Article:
Just last Wednesday, a Long Island, New York 18-year-old was arrested for menacing, beating, and robbing fellow students at his high school. His excuse: "Freshman Friday," a "bullying ritual in which some upperclassmen torment their youngest schoolmates," according to a Newsday report. Even if you dismiss the incident as isolated, how many schools have this lovely "Freshman Friday" tradition? It doesn't exactly sound like an elective. One student-run high school newspaper in Palo Alto, CA calls for an end to it.
Add to this the recent rise of cyber-bullying, a phenomenon that inspires flashy headlines in newsrooms (unless teen girls are sending nude cellphone photos of themselves to classmates. That story seems to top them all.) According to a 2004 survey of 1500 students in grades 4-8 by iSAFE, 42% of kids have been bullied while online. One in four have had it happen more than once. 21% of kids have received mean or threatening e-mail or other messages. 53% of kids admit having said something mean or hurtful to another person online. More than one in three have done it more than once. 58% have not told their parents or an adult about something mean or hurtful that happened to them online.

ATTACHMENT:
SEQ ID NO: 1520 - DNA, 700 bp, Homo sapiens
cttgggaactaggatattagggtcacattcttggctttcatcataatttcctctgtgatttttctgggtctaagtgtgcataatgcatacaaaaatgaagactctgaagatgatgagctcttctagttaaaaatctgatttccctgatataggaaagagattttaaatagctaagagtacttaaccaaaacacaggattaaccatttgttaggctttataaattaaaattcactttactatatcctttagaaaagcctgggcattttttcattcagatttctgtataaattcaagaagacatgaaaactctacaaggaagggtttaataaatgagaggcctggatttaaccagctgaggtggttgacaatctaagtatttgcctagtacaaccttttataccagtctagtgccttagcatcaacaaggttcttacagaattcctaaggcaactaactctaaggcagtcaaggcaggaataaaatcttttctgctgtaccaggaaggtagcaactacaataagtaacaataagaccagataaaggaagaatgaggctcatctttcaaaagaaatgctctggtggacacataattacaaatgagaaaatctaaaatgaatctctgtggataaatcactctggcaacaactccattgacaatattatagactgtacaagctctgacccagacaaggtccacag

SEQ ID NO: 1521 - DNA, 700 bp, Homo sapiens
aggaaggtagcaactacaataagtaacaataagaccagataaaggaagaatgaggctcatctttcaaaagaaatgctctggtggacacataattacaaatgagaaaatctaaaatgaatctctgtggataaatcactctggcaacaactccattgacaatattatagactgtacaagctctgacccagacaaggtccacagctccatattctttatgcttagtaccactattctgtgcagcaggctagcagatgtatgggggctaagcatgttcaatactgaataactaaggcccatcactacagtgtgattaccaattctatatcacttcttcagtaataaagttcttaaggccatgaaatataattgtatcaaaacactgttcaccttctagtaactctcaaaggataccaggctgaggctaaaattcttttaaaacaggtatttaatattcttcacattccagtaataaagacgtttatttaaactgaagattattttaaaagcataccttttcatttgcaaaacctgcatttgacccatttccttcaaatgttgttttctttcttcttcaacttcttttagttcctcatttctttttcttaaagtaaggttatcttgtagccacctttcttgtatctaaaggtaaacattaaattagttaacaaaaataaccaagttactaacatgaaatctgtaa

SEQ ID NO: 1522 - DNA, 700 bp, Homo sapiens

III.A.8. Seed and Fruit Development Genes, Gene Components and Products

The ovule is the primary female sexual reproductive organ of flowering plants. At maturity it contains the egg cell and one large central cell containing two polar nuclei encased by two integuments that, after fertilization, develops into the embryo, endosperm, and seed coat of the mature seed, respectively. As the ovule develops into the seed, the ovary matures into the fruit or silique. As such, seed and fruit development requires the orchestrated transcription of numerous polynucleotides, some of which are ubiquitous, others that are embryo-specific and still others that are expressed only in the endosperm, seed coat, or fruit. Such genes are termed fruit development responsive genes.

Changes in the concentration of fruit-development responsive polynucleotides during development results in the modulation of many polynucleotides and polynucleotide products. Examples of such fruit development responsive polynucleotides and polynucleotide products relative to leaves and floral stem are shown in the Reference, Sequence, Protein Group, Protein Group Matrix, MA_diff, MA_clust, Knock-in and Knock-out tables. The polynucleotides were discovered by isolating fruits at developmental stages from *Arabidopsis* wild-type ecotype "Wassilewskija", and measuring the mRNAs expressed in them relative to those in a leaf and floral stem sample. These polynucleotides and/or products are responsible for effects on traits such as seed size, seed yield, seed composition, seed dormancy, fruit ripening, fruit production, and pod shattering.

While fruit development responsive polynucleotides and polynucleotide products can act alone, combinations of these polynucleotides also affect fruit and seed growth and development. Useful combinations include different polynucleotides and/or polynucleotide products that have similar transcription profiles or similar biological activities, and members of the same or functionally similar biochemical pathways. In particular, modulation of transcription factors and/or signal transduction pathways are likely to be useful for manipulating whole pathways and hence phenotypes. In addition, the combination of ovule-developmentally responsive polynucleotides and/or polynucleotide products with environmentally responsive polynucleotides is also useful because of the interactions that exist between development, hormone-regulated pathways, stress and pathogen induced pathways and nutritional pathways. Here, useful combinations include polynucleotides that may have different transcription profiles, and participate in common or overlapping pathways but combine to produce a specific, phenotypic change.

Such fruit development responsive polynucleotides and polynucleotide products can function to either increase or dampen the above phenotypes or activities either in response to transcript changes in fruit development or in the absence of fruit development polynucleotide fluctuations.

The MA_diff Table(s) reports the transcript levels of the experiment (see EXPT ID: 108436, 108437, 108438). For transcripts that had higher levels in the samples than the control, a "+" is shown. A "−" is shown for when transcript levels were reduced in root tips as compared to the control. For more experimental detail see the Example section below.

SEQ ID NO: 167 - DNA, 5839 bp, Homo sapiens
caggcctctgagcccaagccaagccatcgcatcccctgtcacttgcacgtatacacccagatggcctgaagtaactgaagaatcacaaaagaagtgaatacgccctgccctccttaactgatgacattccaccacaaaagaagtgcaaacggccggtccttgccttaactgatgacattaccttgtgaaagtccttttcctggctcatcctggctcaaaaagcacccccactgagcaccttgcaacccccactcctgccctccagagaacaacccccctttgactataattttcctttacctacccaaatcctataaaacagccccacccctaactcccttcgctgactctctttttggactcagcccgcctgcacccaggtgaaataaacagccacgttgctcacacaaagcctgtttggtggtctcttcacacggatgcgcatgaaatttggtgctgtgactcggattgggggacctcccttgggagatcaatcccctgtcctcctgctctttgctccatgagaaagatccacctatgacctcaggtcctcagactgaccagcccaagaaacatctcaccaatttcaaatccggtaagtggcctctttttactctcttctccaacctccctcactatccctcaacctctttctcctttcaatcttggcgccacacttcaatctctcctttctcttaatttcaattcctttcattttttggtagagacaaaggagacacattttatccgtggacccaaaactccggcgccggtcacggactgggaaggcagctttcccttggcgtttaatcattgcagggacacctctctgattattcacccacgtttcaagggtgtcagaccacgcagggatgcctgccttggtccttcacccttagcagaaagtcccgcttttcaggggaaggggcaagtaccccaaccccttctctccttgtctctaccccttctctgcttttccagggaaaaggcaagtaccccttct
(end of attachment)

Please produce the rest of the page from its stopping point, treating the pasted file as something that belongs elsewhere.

Clearly, not every term we use to describe people is hurtful. True liberals don't mind being called liberals. Neocons don't mind being called neocons. NASCAR fans don't mind being called NASCAR fans. Most bloggers don't even mind being called bloggers, as belittling as that may be. Here's a tip: check with the person you're tagging before reducing him to two dimensions. (Note to Rev. Joseph Lowery)
Some parents -- and it's only the parents in this scenario -- see getting bullied as a necessary and beneficial rite of passage -- a skin-thickening, character-building exercise. I suppose the "character" they have in mind is Don Imus.
Others push the ridiculous notion that GLSEN is not out to reduce discrimination, but to promote and advance homosexuality. Message to these people: Relax. Respecting gay people won't make you gay. Nor will watching Brokeback Mountain, "The View," or even VH-1. Meanwhile, watching "American Idol" is considered completely manly. Weird.
While it's too late for many older people (and by that I obviously mean 30 and up) to change their ways, it's not too late for our children, who adopt new phrases and points of view as often as they change ring tones or their underwear. That's why the GLSEN program is targeting schools, educators, and students in particular.
Parents and teachers can play a part by modeling respect over insult, and by promoting and encouraging it in eye- and earshot of others, especially young people. Archie Bunker had his cake (and Edith too), but the rest of us are still on the hook for the messages we send through our behavior.
But we can mix our idealism with realism. In the safety of your own privacy, do as you will. Rev. Lowery should have thought twice before waxing poetic in front of nearly two million people, but the guy in the little red Mazda who zipped in front of me is definitely getting my very un-PC verbal barrage, even if it were "Be Kind to Idiots Week."
(No offense to Idiots.)